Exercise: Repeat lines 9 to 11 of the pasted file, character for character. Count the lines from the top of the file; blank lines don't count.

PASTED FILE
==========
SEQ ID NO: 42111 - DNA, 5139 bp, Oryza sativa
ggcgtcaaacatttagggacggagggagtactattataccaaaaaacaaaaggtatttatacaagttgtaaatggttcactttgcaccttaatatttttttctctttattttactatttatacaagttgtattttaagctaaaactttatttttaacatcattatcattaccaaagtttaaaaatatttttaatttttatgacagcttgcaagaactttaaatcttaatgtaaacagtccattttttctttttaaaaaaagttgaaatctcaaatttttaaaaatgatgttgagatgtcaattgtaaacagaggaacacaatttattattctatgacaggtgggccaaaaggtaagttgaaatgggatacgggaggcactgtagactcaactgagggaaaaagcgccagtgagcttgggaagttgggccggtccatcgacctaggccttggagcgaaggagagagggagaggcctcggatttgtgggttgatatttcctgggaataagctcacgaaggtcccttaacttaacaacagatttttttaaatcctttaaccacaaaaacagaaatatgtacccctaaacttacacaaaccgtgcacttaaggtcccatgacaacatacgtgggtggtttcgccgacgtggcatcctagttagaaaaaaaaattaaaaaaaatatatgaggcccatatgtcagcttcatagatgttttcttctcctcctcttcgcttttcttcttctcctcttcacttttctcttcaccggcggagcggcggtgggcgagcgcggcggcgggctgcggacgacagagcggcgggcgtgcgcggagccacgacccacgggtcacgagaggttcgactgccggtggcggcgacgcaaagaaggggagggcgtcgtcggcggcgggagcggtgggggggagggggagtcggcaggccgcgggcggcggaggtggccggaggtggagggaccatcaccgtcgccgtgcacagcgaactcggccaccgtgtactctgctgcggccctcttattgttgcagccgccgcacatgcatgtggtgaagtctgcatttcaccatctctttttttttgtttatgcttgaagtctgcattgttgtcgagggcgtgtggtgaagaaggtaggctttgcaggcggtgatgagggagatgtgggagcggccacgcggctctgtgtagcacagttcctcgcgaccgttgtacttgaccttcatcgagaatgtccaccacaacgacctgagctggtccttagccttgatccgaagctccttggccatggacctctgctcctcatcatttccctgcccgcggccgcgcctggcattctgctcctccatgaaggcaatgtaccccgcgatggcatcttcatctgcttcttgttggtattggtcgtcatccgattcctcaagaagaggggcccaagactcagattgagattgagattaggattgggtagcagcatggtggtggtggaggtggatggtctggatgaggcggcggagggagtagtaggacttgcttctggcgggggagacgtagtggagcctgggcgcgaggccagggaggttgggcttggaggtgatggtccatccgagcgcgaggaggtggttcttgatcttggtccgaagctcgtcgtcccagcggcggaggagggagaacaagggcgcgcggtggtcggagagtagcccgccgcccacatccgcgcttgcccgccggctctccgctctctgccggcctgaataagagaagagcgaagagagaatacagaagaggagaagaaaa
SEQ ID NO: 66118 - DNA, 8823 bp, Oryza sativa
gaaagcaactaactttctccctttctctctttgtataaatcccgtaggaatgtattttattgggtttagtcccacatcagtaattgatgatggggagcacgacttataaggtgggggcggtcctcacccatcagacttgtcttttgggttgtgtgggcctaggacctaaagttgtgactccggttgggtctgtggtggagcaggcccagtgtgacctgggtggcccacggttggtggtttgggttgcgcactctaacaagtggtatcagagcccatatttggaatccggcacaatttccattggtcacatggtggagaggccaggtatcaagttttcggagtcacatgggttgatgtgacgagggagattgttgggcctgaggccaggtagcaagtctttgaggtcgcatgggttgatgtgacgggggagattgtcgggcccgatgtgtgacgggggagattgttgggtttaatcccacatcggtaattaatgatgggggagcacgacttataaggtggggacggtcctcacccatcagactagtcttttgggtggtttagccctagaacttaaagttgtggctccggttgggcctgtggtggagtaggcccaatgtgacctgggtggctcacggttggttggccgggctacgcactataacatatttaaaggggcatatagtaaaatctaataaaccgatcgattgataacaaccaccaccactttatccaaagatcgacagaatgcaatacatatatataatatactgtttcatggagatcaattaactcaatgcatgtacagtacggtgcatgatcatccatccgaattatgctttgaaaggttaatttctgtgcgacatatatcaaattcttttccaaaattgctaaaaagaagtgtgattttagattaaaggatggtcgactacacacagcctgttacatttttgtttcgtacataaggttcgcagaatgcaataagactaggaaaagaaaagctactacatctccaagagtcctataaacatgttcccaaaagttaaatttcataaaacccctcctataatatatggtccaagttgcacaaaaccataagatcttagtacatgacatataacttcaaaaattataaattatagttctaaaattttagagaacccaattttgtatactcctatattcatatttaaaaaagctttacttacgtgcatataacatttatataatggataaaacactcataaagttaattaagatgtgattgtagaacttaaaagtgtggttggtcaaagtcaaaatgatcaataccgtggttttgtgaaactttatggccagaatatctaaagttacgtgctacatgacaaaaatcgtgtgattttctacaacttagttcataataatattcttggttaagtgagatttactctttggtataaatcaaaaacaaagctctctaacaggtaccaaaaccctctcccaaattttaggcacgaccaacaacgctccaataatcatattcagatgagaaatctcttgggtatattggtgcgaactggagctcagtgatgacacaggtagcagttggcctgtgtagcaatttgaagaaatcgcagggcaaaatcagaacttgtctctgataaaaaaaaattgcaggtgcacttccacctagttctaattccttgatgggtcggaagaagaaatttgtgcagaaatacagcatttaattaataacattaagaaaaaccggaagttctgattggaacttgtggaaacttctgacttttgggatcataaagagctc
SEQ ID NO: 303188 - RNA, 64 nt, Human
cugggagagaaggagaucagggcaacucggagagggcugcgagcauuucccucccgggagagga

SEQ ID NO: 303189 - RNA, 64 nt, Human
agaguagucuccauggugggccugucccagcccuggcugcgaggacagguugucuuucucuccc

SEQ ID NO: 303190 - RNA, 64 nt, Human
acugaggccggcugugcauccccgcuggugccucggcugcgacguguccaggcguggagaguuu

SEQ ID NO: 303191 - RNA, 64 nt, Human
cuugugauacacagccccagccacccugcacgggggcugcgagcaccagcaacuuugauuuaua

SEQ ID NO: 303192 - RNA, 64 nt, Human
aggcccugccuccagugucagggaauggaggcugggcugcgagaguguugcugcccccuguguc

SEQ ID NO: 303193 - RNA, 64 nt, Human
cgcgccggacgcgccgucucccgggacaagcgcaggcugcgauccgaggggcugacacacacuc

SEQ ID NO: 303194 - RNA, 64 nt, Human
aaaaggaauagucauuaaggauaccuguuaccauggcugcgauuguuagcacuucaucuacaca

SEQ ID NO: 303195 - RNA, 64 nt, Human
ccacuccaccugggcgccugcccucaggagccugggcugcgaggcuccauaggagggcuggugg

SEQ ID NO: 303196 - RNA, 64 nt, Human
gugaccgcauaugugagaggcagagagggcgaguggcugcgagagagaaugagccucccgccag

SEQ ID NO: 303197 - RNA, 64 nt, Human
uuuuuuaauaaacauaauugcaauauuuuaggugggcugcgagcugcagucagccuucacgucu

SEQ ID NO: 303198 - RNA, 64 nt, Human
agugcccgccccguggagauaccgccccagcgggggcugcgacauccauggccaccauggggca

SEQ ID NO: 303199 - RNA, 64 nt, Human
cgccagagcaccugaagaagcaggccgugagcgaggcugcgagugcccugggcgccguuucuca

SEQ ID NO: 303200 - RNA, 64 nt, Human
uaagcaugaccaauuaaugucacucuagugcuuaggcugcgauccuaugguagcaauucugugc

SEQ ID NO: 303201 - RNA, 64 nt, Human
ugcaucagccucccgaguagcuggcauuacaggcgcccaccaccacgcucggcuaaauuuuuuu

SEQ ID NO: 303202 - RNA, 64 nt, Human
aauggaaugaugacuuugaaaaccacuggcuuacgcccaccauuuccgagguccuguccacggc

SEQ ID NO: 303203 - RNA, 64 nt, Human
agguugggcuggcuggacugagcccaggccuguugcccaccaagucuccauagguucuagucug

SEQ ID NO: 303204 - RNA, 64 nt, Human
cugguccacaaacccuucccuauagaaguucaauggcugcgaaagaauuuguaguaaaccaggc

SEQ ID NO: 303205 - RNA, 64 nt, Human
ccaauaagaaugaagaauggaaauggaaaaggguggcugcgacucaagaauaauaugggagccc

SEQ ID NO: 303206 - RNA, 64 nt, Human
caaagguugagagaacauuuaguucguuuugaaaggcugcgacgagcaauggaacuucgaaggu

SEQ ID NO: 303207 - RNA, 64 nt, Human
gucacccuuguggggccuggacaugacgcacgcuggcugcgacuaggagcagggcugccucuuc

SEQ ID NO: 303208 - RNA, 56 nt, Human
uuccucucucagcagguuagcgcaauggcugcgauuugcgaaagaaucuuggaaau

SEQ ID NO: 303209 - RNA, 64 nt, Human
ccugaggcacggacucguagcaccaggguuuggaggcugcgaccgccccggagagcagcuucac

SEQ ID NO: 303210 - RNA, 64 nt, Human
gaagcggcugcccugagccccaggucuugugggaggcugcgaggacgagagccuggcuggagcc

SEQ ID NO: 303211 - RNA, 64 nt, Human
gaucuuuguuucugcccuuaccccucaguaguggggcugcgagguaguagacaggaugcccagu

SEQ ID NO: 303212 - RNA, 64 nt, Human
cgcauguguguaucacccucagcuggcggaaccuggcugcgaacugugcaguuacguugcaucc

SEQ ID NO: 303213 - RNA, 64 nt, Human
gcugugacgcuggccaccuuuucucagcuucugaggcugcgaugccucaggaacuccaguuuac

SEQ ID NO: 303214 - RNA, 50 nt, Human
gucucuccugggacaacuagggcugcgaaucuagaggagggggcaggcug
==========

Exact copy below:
SEQ ID NO: 303190 - RNA, 64 nt, Human
acugaggccggcugugcauccccgcuggugccucggcugcgacguguccaggcguggagaguuu

SEQ ID NO: 303191 - RNA, 64 nt, Human